In southeast Georgia, the best public bream fishing opportunities center around rivers, particularly the Satilla and Ogeechee Rivers.
The Satilla River flows 260 miles from Benn Hill County to the Atlantic Ocean south of Brunswick. It is considered to be one of the most beautiful rivers in south Georgia, and a premier redbreast sunfish fishing destination.
For those targeting redbreast sunfish, the Satilla River provides one of the best opportunities to catch fish over a pound. Anglers should concentrate their efforts around woody cover in the main river channel using crickets and worms under bobbers or on the bottom. Once water temperatures warm into the 70s, try using artificial lures like beetle spins and rooster tails. Fly fishing can also be an effective tactic.
If it’s bluegill you’re after, anglers can expect fish in the 6 to 8 inch range. Anglers should stick to crickets and worms in the oxbow lakes and beaver ponds off the main river channel. The bluegill fishing can be especially good in the oxbow lakes around the Burnt Fort area.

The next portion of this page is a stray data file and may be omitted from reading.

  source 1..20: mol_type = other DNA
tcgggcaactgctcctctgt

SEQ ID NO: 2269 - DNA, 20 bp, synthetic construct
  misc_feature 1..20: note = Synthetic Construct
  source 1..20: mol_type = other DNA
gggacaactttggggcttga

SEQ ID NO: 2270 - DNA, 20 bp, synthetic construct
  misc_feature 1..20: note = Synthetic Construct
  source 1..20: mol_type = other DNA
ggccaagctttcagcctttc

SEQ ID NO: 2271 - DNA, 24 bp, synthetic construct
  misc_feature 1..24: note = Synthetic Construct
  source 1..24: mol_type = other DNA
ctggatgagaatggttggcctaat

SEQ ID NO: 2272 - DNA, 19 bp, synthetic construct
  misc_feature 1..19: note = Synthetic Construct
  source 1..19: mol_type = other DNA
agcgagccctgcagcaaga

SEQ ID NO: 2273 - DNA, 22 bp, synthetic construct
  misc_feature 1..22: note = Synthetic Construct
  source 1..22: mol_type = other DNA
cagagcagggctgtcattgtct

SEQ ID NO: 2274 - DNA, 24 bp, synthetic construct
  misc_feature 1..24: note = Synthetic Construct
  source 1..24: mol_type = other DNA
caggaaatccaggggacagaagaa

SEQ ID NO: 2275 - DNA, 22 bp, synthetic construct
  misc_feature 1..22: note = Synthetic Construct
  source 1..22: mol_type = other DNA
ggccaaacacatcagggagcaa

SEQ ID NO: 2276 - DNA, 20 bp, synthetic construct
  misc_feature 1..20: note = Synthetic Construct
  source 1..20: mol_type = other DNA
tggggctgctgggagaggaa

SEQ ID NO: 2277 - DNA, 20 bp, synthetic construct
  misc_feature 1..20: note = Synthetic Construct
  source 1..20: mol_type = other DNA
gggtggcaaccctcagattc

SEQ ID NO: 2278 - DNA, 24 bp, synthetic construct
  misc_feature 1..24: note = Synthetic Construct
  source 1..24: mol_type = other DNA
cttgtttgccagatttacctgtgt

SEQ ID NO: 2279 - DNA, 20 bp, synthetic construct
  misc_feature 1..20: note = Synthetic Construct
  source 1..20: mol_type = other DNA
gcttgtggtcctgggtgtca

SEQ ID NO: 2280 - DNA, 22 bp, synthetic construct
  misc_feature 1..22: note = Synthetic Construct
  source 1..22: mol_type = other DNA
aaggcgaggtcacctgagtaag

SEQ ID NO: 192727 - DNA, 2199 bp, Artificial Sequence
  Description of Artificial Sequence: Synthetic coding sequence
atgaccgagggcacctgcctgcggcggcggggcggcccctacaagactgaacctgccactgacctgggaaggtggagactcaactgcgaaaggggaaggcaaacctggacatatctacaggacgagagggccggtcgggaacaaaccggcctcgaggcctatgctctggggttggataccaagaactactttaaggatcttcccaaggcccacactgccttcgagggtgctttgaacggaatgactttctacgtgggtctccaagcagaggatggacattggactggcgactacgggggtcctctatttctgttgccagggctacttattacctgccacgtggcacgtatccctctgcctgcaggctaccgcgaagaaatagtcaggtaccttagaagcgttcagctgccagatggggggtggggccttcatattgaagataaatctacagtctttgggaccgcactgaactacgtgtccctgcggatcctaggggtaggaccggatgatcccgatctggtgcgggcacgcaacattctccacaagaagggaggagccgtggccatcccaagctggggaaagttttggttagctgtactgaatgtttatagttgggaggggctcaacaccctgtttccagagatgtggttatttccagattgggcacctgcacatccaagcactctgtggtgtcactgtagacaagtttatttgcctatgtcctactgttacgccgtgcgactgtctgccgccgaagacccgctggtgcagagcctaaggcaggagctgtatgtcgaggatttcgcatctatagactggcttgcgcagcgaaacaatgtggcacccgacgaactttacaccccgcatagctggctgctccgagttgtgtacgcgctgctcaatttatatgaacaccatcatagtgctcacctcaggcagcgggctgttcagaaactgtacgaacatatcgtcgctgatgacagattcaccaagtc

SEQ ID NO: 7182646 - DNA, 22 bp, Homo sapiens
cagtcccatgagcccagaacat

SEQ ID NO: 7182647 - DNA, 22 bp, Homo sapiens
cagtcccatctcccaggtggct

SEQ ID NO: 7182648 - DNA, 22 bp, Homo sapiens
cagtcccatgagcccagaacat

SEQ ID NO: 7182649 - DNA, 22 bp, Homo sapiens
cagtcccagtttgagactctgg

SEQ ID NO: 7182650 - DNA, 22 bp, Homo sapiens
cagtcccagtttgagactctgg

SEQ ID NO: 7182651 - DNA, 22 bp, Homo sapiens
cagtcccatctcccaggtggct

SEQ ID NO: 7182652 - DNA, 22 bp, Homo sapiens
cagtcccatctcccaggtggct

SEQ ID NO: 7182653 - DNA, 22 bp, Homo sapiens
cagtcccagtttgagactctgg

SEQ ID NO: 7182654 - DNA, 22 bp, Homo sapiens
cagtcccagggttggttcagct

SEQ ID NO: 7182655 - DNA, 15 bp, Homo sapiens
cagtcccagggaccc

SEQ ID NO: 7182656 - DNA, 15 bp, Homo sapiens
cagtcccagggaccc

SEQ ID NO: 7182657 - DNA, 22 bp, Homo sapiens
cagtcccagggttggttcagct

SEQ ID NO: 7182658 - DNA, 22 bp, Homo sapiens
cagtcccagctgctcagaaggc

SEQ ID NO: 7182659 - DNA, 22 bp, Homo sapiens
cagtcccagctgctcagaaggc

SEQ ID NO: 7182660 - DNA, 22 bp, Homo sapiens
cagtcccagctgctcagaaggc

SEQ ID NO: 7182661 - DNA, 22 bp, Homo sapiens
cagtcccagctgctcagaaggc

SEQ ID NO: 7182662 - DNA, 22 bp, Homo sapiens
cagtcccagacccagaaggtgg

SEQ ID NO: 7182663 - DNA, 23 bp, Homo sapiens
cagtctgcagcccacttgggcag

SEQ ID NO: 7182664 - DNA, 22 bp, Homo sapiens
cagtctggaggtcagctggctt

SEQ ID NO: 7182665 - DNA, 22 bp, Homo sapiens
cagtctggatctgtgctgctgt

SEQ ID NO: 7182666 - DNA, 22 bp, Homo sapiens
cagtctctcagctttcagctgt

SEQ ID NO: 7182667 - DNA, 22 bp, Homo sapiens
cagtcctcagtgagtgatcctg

The Ogeechee River begins in Greene County and flows into the Atlantic Ocean south of Savannah. It’s one of Georgia’s few remaining free-flowing streams, and provides excellent bream fishing opportunities. Public access points are somewhat limited, but the scenery and fishing action make it worth the effort.
Fishing action on the Ogeechee typically picks up in the spring when water levels drop below 6 feet at the USGS gauges in Eden, and can remain good throughout the summer months depending on water levels and water temperature.
Redbreast sunfish are the most sought after species in the Ogeechee River, with peak action occurring April through June. Look for deep holes along the outside bends of the main river channel. For your best chances at filling up a stringer, use the same bait and techniques you would for the Satilla River discussed above.